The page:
Hey, it's the day after Thanksgiving. I survived the onslaught of relatives and the abundance of food — and, if you're reading this, you must have, too. And if you managed to stay out of jail for the day, congratulations!
You could go shopping today. It's the biggest shopping day of the entire year, after all.
But we know better, don't we? We don't go wherever retailers point us to go, whenever they command it. Sure, if everyone stayed at home, we would bankrupt every retail company in the free world — and who wants a thing like that? We would have to resort to the pioneer days, when we killed and skinned and cooked our own food, carved our own furniture, and sewed our own Victoria's Secret baby-doll lingerie.
This edition of the Book News is dedicated to all of the hearty souls who resist the allure of all those sales and crowds, and instead sit at home staring at their computer screens reading blogs like this one.
- Caitlin Flanagan is no longer on staff at the New Yorker, according to the New York Observer.
Is that because she's ultra-controversial and writes liberally of her quasi-conservative ideas about housewives staying at home and raising the children instead of working (for instance, writing columns for major literary magazines about housewives staying at home and raising the children instead of working...)? Or is it because she's working long and hard on a new book? Or..?
Ms. Flanagan's last New Yorker piece, the Mary Poppins article, brought her a dose of a different sort of notoriety. Valerie Lawson — who authored "the only comprehensive biography" of Travers, as Ms. Flanagan's piece put it — complained to the magazine that Ms. Flanagan had drawn over-heavily on her work, without adequate credit.
The New Yorker then printed an opaque and somewhat stilted letter of not-quite-protest from Ms. Lawson. That note was the product of a lengthy e-mail negotiation between Ms. Lawson and Ms. McCarthy, which was subsequently published in full by the Columbia Journalism Review.
Ms. Lawson's letter appeared in The New Yorker on Jan. 23, 2006. Ms. Flanagan sat the rest of the year out.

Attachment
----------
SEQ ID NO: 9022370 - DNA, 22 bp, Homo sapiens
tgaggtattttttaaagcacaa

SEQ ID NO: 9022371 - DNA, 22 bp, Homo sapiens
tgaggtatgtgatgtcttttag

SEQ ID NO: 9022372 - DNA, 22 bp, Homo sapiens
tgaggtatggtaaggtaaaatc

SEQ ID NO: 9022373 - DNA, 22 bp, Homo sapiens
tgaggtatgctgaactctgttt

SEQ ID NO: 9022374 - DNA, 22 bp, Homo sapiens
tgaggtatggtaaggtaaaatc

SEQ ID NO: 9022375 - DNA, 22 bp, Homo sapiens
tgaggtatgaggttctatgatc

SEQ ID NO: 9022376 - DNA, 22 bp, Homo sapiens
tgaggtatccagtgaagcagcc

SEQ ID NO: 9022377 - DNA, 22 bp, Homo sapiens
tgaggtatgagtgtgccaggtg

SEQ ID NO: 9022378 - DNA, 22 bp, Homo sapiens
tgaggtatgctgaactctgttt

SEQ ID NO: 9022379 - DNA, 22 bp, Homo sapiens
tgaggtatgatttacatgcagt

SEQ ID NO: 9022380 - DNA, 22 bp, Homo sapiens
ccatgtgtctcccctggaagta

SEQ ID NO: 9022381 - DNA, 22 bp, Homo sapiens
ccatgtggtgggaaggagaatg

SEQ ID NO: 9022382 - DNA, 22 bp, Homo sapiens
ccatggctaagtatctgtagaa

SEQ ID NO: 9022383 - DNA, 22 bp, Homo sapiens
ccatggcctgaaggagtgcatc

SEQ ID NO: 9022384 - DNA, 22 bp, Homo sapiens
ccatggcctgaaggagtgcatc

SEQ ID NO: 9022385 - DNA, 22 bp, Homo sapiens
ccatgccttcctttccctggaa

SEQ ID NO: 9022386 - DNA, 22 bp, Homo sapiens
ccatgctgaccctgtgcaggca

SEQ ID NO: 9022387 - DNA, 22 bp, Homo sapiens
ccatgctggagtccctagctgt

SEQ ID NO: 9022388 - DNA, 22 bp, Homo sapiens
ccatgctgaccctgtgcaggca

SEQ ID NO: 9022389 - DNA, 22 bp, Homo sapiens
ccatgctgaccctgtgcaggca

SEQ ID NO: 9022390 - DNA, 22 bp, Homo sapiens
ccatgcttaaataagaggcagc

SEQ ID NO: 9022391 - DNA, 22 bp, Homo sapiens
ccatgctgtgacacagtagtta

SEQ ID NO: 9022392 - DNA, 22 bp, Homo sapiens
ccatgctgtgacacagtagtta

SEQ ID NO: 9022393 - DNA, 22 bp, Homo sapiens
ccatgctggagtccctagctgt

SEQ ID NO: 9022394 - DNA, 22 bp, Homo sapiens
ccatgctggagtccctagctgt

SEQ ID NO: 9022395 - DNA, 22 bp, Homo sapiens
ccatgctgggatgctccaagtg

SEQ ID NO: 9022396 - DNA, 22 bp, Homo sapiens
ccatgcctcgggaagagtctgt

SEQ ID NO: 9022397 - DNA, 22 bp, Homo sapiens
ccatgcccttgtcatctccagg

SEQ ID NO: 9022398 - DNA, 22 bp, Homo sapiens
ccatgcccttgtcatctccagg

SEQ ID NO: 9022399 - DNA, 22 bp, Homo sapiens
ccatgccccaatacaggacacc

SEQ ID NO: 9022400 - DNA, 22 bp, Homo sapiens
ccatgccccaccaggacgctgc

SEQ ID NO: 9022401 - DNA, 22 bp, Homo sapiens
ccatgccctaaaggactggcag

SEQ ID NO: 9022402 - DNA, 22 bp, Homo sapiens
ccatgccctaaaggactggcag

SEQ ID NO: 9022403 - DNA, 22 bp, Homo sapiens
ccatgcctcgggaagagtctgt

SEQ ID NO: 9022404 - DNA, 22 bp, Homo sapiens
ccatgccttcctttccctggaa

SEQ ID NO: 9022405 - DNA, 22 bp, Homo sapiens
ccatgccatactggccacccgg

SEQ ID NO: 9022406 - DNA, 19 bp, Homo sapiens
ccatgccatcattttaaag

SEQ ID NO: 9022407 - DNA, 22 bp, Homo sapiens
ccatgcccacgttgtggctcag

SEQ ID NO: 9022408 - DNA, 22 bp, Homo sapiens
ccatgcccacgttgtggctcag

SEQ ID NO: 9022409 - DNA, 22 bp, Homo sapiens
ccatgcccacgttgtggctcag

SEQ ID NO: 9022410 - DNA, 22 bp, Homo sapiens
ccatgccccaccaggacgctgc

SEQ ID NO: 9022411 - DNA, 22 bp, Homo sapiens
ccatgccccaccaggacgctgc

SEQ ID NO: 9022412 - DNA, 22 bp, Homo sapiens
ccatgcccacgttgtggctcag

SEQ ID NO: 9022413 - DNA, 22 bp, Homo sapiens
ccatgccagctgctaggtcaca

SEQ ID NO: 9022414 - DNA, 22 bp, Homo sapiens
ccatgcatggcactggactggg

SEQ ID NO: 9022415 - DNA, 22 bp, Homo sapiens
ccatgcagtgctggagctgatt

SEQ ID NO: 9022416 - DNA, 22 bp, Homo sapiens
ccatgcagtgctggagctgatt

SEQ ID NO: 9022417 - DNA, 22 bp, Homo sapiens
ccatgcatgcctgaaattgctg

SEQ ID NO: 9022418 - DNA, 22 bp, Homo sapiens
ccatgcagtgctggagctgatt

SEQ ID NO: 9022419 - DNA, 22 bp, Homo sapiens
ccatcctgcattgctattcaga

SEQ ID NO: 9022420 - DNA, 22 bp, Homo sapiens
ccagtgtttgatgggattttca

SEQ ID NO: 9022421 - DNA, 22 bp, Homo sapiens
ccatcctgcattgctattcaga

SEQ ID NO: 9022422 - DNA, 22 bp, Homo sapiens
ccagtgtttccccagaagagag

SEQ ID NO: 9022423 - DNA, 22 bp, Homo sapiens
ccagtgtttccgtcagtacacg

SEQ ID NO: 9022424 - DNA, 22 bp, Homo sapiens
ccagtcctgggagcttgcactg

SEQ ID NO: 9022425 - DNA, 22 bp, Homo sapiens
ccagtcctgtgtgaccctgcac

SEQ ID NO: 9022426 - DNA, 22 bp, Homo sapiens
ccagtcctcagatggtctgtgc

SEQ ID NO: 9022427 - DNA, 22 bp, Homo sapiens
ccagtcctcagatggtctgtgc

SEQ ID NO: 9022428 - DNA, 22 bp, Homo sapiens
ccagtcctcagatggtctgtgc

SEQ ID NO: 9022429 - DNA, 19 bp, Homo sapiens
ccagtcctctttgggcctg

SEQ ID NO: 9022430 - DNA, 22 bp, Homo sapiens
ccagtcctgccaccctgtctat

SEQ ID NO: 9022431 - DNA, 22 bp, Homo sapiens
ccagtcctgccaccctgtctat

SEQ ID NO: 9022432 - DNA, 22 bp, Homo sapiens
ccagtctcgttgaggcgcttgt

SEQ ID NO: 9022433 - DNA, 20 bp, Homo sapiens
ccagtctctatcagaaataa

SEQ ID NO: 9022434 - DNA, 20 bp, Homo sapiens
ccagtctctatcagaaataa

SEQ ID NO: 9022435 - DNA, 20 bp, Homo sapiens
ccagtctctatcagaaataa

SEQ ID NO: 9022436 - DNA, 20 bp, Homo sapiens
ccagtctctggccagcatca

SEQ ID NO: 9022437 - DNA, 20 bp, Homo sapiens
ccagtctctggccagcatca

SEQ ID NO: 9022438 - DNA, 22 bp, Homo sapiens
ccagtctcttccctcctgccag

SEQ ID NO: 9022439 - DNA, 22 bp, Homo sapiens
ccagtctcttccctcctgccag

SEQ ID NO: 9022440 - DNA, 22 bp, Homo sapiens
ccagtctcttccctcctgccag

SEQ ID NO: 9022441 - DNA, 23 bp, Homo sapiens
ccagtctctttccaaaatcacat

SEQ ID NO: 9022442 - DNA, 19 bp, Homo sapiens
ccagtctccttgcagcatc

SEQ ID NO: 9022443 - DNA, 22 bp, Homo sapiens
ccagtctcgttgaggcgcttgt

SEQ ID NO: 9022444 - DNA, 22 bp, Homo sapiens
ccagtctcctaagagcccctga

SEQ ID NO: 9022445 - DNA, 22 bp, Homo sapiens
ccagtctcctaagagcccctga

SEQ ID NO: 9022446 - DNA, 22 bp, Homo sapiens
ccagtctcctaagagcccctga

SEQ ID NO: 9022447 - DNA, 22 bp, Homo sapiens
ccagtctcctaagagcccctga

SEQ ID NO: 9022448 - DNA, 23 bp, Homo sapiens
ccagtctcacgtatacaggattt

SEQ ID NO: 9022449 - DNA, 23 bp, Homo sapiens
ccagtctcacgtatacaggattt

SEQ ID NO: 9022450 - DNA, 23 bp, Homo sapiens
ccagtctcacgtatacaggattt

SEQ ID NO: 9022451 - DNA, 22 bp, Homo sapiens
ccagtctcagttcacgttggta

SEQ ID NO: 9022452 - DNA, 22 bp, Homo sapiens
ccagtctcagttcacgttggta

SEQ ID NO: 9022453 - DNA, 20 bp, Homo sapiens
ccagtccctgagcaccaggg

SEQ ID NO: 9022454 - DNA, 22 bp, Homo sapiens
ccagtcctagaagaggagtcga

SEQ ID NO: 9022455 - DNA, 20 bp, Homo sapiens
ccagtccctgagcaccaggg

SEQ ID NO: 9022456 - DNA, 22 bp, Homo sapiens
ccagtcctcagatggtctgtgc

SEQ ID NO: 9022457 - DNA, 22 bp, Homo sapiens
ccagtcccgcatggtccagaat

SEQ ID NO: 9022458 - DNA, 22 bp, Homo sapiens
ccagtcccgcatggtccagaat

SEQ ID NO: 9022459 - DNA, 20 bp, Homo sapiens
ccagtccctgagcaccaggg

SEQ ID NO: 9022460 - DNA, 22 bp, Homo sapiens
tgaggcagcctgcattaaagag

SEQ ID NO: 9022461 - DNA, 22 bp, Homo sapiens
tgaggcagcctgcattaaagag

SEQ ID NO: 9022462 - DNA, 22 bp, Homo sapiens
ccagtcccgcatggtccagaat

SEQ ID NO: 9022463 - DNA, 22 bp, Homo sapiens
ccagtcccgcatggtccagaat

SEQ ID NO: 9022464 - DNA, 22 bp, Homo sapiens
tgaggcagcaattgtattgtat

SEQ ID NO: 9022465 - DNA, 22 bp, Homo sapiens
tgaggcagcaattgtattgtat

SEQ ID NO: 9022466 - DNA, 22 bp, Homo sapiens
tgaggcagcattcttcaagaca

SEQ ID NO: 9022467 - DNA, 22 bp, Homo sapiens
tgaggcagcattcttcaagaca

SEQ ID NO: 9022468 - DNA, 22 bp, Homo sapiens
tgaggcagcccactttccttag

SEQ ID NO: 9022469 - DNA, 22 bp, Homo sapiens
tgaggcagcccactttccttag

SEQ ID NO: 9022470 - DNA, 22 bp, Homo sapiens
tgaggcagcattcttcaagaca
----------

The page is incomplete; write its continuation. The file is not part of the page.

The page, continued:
Asked whether the Mary Poppins piece and Ms. Lawson's criticism had affected her decision to focus on book-writing instead of magazine work, Ms. Flanagan wrote back: "No."
Then again, perhaps she wants to spend less time working and more time raising her kids.
- The Guardian offers a Thanksgiving quiz about the great American novel.
The first sentence of Herman Melville's Moby-Dick is "Call me Ishmael." What's the second?
- Come now with me to your insular city of the Manhattoes, belted round by wharves as Indian isles by coral reefs — commerce surrounds it with her surf.Come now with me to your insular city of the Manhattoes, belted round by wharves as Indian isles by coral reefs — commerce surrounds it with her surf.
- The name will do as well as any other for a tale the like of mine.
- Some years ago — never mind how long precisely — having little or no money in my purse, and nothing particular to interest me on shore, I thought I would sail about a little and see the watery part of the world.
- Call me anything you like, just call me.
I should be ashamed for not knowing the answer to that. And you can help shame me! If you know it, and you're the first to email the correct answer to me, I will be so impressed that I'll mention your name in every single item of Monday's Book News.
- Is Cyber Monday the biggest online retailing day of the year, or is it just a silly myth? There's a very lively debate depicted here.
I stopped reading when I realized "Cyber Monday" doesn't refer to a winner-takes-all showdown between the Terminator, RoboCop, and C3PO.
- New Yorkers think gay penguins are adorable and no one else in the world makes decent bagels. Midwesterners think bagels are doughnuts without the sugar and a book on a couple of gay penguins from Central Park, And Tango Makes Three, should be kept far from the hands of children.
At issue, apparently, is a three-page spread in the middle of the book for young readers labeled "The Illustrated Gay Kama Sutra for Penguins." A teacher in a town called Intolerance was quoted as saying, "It's not the human children we're worried about, it's the penguins. Young, sraight penguins all over the Midwest could see this book and get gay!"
Expect a Gay Penguin Marriage Amendment on countless ballots in the next election.
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Brockman is the head writer for the daily Book News posts on the Powells.com blog. In his free time he's hard at work on his fictional memoir, which changes titles daily.
The views and commentary posted by Brockman are entirely his own, and are not representative of the whole of Powell's Books, its employees, or any sane human being.
Books mentioned in this post